Today is my birthday. For the past few years, I have told my students that I am 29, with surprising success—not because I look 29, but because teenagers are sometimes easy to fool.
This year, I am going for 30, and I’ll probably spend the next few years at that age.
However, my birthday wishes aren’t what I would have wished for when I was really 30. This year, I have a huge wish list, and all of them are centered on education issues. My own life, my personal life, is pretty close to what I could have ever wanted. I am peaceful and happy (and, perhaps more importantly, my sons and family are healthy and happy, which makes me happy).
Here’s what I wish for my professional life, though. In fact, here’s what I wish for education across the country. I am keeping this really basic—basic enough that my non-education friends can totally understand it.
1. I wish that education reformers (deformers?) could take a step back and remember that our country is supposed to educate everyone: immigrants who can’t speak English, children with physical needs, kids with emotional and cognitive disabilities…we get them all, and we educate them all to the best of our ability. Education is not a business and it really can’t be run like one. Most private schools (and even charter schools) do not have to take everyone. They can turn kids away and kick kids out. Then guess where those kids end up?…in the public school. Don’t get me wrong: I am not complaining about this; I am merely stating a fact. I’ve written about the faulty comparison between businesses and schools in the past, so I am not spending much time on that issue here. Suffice it to say that businesses can turn away products that aren’t ideal. The caterer who gets some chicken that’s just about to turn bad?…he can send it back. A bad batch of peanut butter?…that goes into a landfill (which is what Costco just did: they dumped god-knows-how-much peanut butter into a landfill). In education, we take everything. There is no sending anyone back. And that’s the way it should be.
2. I wish that the millionaires who have never spend a day in front of the classroom would get out of the way and let real teachers make the decisions. Being richer than god does not make one understand the inner workings of the education system.
3. I wish that people would see that they have been sold a false bill of goods. Our public school system is not broken (although there are certainly some broken schools). Diane Ravitch says it best: “NAEP data show beyond question that test scores in reading and math have improved for almost every group of students over the past two decades; slowly and steadily in the case of reading, dramatically in the case of mathematics. Students know more and can do more in these two basic skills subjects now than they could twenty or forty years ago… So the next time you hear someone say that the system is “broken,” that American students aren’t as well educated as they used to be, that our schools are failing, tell that person the facts.”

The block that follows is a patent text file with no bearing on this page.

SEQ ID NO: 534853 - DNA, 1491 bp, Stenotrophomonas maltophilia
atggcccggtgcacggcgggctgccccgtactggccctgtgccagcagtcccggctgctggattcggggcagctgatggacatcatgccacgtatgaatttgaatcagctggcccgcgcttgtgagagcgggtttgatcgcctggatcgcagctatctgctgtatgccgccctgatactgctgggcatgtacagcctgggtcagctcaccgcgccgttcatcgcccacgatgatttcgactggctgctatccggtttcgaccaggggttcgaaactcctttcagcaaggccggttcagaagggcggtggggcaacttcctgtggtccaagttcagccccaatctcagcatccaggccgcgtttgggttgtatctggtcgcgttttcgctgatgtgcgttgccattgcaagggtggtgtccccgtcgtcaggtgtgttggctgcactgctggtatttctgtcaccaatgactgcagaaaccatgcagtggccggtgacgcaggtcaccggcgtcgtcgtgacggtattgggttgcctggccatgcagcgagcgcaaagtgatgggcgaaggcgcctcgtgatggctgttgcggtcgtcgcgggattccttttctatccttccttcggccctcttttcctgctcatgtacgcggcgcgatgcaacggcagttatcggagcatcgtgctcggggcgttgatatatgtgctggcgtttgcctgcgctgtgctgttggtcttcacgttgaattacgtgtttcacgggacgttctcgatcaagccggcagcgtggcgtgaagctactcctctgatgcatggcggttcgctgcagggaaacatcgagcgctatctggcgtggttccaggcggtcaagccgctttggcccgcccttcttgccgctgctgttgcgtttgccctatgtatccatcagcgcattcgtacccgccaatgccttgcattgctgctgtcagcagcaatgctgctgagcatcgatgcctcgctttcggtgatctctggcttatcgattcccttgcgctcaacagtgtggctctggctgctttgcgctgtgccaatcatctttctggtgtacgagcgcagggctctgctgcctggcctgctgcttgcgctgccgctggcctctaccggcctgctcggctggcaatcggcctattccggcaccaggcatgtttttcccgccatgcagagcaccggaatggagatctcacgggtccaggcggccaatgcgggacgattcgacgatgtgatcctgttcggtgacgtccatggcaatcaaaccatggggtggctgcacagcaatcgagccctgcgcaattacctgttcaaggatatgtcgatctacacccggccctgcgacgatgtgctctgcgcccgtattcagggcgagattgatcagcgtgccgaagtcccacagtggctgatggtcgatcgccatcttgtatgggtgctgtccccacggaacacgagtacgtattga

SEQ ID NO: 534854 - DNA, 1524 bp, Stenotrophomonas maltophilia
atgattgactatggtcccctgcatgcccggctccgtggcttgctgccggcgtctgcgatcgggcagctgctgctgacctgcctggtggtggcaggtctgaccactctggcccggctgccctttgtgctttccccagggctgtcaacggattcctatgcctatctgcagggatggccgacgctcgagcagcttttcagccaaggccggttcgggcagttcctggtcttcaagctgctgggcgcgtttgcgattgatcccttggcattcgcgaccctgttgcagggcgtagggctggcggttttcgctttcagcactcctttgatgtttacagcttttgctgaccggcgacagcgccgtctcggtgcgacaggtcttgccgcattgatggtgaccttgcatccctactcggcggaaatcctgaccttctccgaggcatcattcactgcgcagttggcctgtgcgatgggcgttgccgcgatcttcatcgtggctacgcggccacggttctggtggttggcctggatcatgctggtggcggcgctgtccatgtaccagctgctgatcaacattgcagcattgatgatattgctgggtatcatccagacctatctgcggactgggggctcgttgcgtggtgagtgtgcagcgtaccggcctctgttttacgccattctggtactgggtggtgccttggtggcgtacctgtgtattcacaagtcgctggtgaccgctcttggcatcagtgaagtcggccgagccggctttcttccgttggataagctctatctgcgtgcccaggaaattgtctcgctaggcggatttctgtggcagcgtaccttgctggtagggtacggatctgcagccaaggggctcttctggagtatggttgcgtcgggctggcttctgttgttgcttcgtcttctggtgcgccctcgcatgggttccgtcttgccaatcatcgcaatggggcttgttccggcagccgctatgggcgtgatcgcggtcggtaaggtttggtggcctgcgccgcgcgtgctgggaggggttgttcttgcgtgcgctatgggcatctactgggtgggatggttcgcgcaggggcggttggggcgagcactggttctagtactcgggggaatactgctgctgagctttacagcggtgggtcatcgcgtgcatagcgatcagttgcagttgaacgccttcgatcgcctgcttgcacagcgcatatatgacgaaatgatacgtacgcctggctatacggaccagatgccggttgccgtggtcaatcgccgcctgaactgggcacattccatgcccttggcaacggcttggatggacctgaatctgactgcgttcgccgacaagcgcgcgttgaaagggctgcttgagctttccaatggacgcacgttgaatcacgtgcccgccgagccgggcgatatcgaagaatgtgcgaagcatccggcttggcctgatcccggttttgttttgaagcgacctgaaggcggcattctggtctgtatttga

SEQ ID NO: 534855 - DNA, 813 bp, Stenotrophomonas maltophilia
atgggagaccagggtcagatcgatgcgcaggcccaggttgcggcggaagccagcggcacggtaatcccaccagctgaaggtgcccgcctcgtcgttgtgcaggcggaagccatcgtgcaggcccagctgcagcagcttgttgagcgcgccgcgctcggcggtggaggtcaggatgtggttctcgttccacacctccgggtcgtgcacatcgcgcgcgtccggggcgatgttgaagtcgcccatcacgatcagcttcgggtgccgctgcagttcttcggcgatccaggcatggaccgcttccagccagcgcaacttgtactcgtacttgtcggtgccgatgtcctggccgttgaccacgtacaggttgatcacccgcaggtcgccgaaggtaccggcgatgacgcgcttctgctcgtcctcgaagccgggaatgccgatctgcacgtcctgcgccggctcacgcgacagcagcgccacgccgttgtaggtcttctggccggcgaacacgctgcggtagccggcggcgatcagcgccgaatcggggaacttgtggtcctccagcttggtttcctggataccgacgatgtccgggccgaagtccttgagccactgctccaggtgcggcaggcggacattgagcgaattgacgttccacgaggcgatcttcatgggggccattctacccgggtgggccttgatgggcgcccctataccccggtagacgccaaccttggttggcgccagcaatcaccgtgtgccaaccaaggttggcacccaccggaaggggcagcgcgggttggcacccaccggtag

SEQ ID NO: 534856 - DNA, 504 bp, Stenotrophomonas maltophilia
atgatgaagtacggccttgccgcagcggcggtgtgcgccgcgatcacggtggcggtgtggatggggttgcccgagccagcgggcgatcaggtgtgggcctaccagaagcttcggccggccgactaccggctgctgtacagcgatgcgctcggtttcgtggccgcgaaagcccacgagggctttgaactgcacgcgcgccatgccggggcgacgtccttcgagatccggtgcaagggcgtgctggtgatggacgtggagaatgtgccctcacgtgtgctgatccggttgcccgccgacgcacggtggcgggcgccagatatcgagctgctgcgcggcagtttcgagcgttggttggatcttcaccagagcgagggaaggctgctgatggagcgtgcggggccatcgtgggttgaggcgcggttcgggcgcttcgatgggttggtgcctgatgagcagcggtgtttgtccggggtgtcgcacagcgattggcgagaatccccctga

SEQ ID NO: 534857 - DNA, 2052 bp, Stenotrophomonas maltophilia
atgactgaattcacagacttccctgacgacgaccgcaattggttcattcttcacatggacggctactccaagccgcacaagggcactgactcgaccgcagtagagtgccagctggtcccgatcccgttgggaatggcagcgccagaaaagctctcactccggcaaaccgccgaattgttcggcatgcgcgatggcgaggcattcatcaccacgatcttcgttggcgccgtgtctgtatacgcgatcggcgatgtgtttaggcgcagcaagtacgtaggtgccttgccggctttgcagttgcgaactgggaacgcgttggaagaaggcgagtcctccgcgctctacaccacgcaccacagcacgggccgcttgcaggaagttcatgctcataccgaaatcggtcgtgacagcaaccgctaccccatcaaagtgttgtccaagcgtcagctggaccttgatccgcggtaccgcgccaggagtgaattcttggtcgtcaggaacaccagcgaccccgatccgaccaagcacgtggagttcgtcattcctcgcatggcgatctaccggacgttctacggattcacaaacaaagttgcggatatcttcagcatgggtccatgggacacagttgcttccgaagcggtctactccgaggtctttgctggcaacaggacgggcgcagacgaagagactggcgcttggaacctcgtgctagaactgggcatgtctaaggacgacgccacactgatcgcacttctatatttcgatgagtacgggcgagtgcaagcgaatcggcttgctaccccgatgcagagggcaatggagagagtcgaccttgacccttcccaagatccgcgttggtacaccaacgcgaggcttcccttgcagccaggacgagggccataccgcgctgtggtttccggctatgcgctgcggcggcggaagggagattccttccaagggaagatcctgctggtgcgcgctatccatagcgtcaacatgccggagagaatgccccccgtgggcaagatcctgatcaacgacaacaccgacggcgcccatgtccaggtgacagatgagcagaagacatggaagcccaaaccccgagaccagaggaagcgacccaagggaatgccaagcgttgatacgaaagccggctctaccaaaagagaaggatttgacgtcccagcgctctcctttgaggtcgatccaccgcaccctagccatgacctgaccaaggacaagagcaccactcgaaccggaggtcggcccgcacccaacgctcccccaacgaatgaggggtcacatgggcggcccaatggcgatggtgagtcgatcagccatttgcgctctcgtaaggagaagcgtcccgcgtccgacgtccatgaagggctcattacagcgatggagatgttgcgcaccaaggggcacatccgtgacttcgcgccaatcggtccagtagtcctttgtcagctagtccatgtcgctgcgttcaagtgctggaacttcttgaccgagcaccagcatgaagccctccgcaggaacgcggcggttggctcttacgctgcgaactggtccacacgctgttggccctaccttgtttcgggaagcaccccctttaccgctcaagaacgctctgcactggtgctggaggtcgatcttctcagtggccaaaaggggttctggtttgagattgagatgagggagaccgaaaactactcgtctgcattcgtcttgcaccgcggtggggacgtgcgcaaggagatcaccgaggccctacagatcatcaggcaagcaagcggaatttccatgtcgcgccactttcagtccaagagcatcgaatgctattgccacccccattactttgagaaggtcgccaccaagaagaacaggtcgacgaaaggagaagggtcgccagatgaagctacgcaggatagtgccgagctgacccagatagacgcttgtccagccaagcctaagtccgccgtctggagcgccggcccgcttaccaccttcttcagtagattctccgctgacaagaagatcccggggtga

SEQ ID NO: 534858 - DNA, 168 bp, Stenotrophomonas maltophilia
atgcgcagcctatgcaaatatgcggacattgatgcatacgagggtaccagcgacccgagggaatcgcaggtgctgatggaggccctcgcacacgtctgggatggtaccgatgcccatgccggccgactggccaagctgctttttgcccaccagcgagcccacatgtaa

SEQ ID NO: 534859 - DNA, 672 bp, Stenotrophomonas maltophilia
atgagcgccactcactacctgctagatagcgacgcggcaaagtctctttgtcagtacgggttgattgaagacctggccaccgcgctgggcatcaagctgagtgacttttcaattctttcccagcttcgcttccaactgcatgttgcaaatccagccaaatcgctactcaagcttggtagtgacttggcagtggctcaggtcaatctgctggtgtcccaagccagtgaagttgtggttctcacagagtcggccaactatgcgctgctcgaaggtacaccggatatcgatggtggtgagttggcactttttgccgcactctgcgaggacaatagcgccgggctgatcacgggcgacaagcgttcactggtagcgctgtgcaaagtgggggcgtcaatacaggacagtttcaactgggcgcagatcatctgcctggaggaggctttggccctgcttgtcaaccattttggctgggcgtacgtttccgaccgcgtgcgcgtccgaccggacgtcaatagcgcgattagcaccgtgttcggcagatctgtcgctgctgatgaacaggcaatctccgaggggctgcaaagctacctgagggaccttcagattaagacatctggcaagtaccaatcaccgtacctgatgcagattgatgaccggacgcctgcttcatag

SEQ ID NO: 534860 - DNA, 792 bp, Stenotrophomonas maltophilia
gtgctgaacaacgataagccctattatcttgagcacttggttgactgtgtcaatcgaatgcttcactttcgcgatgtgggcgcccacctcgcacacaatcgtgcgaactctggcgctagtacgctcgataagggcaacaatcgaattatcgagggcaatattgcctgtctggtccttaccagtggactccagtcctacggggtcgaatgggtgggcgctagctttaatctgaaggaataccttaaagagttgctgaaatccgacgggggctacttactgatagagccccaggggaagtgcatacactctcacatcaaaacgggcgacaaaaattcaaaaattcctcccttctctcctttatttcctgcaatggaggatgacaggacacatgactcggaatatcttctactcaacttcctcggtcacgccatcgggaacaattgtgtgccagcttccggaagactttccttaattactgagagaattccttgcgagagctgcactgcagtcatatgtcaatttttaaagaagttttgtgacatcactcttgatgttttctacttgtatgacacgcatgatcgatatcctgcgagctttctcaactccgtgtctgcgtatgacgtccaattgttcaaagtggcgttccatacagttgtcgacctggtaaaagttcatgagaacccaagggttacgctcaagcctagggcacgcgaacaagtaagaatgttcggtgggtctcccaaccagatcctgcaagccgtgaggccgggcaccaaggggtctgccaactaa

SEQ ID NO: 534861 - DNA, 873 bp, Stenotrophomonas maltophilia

4. I wish that people would realize that the constant testing of our students does not make them any smarter or more educated. High stakes, standardized testing may be one of the most destructive forces to hit our children in recent decades. Students spend weeks on standardized tests, which is instructional time that is simply gone.
5. I wish that people truly understood all of the nuances of common core state standards and Race to the Top, both of which are destructive to our nation’s students and probably won’t last, but who knows how much damage will have occurred before people realize that they are flawed “reforms” (indeed, they are deforms).
6. I wish that there were a way of getting rid of ineffective teachers. It sounds easier to do than it is. I have thought long and hard about it, and I honestly can’t think of a way to do it that won’t penalize good/effective teachers. Private message me if you have any ideas. Really.
7. I wish that I could just teach. That’s it. Just let me teach.